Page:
A and A's Movie A Day

Watching movies until we run out.

Movie 313 – Point Break

Point Break – January 7th, 2011

Hey, guess what time it is? It’s time for a Keanu Reeves fest! No reason in particular, but I was in the mood for some mindless action tonight and we did Johnny Mnemonic last night and we still have a handful of Reeves movies to watch so hey, why not, right? Right! This is one of those movies I know I’ve seen before but I can’t for the life of me remember when or where I saw it first. It gets played on television all the time and it’s definitely entered into the general cultural lexicon. One of our favorite new views for this project is the movie Hot Fuzz, wherein the main character has this to say about it: “Well, I wouldn’t argue that it wasn’t a no-holds-barred, adrenaline-fueled thrill ride. But there is no way you can perpetrate that amount of carnage and mayhem and not incur a considerable amount of paperwork.” Yep. Pretty much.

Watching this tonight, with an eye towards reviewing it instead of just letting all the surfing and bank robbing and FBI stuff go on without any intellectual involvement on my part, I can see that yes, Sgt. Angel was right in Hot Fuzz. There’s an awful lot of action in this movie, and not much desk work to back it all up. Though there is one mention of killing a guy on the job looking bad in a report, so that’s something. The funny thing is, when this movie starts out it has a distinctly CSI vibe going on. When new FBI agent Johnny Utah shows up at his first assignment and gets put on bank robberies with old timer Agent Pappas, they focus on things like possible sweat traces on car upholstery and analyzing hair samples for toxins to narrow down what beaches to check. There is a lot of office work at the start of the movie. But eventually Johnny falls in with surfer guru Bodhi and his crew and the movie veers sharply coastward as Johnny works undercover to try and figure out who the surfer bank thieves are.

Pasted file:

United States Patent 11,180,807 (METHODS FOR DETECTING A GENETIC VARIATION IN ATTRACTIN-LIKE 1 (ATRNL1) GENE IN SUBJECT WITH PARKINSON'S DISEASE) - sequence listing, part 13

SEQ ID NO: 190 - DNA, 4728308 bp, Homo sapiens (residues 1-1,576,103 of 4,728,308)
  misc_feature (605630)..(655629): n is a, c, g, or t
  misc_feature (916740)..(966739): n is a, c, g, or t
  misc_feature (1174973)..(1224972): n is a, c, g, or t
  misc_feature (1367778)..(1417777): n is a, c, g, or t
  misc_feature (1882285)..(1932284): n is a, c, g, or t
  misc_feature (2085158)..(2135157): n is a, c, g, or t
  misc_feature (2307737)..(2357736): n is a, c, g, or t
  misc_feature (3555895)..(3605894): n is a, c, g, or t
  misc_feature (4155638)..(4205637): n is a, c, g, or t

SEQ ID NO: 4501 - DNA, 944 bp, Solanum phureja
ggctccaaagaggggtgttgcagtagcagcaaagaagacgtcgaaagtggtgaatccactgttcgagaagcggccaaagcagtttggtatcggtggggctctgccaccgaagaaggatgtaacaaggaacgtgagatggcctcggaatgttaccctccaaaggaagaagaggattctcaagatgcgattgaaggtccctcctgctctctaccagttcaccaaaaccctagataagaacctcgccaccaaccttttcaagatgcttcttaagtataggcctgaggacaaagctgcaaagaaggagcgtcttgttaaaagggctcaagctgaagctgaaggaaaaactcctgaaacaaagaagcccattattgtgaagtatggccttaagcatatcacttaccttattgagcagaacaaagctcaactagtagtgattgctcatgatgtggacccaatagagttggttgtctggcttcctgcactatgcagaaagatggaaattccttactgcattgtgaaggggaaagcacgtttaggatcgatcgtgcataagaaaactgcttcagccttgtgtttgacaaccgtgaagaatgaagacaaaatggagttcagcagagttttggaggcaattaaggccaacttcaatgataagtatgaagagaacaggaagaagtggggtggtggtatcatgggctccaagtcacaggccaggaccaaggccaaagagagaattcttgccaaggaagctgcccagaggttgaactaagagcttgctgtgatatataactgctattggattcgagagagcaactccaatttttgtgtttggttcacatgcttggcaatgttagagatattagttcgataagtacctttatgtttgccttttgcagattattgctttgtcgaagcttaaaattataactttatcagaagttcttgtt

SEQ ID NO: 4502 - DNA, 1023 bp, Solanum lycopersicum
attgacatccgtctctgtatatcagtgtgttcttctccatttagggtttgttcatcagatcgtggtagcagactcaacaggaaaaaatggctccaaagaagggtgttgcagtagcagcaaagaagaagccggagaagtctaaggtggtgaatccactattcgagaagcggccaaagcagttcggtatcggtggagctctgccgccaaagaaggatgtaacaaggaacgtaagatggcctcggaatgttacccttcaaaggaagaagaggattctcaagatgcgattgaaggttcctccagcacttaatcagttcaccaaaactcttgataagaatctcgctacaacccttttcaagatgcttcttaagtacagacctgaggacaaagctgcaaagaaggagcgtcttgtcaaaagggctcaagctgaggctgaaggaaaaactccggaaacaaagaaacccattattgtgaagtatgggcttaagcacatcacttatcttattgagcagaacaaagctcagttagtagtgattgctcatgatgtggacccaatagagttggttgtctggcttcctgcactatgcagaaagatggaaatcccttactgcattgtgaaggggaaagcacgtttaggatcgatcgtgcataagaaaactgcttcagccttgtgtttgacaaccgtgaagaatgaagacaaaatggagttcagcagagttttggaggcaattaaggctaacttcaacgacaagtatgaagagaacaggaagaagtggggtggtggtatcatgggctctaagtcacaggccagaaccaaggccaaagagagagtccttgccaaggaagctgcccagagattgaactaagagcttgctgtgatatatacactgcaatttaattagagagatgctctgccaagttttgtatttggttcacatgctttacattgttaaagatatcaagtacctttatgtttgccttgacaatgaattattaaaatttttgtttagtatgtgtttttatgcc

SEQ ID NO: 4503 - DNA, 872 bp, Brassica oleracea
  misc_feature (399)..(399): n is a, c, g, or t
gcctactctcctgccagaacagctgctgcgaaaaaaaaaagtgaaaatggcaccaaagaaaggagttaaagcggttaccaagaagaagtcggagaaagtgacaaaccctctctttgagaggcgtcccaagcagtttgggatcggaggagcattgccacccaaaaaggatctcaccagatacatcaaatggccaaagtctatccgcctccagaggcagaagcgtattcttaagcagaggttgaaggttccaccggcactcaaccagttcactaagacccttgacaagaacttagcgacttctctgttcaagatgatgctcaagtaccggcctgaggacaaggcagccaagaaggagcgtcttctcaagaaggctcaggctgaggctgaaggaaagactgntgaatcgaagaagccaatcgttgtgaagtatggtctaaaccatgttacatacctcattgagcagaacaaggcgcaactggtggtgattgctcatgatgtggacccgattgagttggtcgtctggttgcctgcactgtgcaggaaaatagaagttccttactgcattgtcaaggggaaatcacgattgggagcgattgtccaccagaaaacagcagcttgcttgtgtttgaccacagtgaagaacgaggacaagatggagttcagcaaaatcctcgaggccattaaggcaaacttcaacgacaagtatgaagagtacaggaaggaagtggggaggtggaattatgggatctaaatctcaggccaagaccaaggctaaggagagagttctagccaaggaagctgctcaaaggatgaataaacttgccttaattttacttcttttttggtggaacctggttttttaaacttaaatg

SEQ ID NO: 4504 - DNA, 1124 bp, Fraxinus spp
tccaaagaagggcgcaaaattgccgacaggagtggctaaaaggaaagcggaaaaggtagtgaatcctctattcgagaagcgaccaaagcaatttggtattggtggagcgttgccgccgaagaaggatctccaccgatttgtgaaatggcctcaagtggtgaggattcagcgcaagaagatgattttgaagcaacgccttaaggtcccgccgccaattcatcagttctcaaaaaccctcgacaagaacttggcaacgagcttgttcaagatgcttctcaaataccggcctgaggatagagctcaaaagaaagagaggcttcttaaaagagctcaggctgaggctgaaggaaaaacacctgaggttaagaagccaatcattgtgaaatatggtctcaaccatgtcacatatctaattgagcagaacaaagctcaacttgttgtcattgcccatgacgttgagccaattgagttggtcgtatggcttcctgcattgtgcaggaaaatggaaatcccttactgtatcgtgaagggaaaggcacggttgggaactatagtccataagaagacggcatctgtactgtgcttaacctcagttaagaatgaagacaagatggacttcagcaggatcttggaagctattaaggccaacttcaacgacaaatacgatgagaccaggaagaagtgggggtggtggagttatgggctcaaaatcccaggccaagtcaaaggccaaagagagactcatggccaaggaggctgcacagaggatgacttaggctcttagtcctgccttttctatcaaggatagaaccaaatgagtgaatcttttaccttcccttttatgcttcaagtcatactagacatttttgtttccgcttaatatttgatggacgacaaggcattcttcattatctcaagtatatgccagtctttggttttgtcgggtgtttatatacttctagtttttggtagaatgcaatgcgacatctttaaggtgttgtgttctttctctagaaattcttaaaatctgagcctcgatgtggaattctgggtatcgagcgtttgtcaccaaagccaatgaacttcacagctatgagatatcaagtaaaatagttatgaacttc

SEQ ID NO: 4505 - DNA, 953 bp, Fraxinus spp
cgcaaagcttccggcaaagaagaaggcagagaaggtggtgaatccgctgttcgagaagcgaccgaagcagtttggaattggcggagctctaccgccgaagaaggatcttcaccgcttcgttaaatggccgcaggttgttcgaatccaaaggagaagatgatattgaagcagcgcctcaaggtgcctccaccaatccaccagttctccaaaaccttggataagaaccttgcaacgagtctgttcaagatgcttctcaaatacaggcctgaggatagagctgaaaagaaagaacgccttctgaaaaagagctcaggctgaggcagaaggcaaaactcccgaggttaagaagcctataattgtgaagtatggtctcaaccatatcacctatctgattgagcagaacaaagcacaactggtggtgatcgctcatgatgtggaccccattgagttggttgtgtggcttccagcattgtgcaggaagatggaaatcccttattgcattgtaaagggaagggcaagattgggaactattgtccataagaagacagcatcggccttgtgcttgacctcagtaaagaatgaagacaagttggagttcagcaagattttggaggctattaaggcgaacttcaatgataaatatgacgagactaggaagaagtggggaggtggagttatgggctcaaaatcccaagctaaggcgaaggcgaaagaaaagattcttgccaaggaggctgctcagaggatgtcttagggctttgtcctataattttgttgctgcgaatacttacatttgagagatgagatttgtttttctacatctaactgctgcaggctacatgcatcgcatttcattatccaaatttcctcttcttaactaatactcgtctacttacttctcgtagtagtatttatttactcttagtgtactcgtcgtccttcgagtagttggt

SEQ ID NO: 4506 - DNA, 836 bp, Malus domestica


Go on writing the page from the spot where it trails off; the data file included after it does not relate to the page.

Bodhi is played by Patrick Swayze, who really threw himself into the character. He’s charismatic and mysterious and definitely has a bit of a cult following around himself. He reels young Johnny right in, and by the time Johnny figures out that his new pals are the guys he’s looking for he’s so enamored of Bodhi he can’t bring himself to shoot when he has the guy dead to rights. Of course, the movie frames it as a serious issue for Johnny, making it out to be about his soul searching and all. He gets involved with these adrenaline junkies and meets a girl (Tyler, whom I will get to soon) and discovers there’s more to life than analyzing the mud left behind in the footprint of a criminal and bashing in the doors of drug dealer punks. It’s all portrayed as this major awakening for him. A hard awakening that forces him to choose between two opposed lifestyles. And he does choose, eventually, but he still lets Bodhi do what he wants, even though his choice is a compromise of sorts. Bodhi wins. I can’t help but see the whole character relationship arc there as being one of a criminal and his psychological victim.

Now, I’m not saying that being an FBI agent is more valid than being a surfer, or that you can’t do both in real life. But the movie presents it as an either/or. That Johnny can’t live the life he wants while being in the FBI. And why not? Because he had to turn in the guy who “woke him up”? The guy who robbed banks for the hell of it and kidnapped his girlfriend and had her held at knifepoint as collateral so Johnny would help him? The guy who blackmailed Johnny into robbing a bank with him? The guy who got his friends killed? Yeah. That guy. I think there are two ways to interpret the end. One is that Johnny knows he’s not cut out for the FBI if it’s going to put him in situations like this. The other is that he really did fall for Bodhi. And given how Bodhi goes out? I pick the latter. Man, that’s depressing.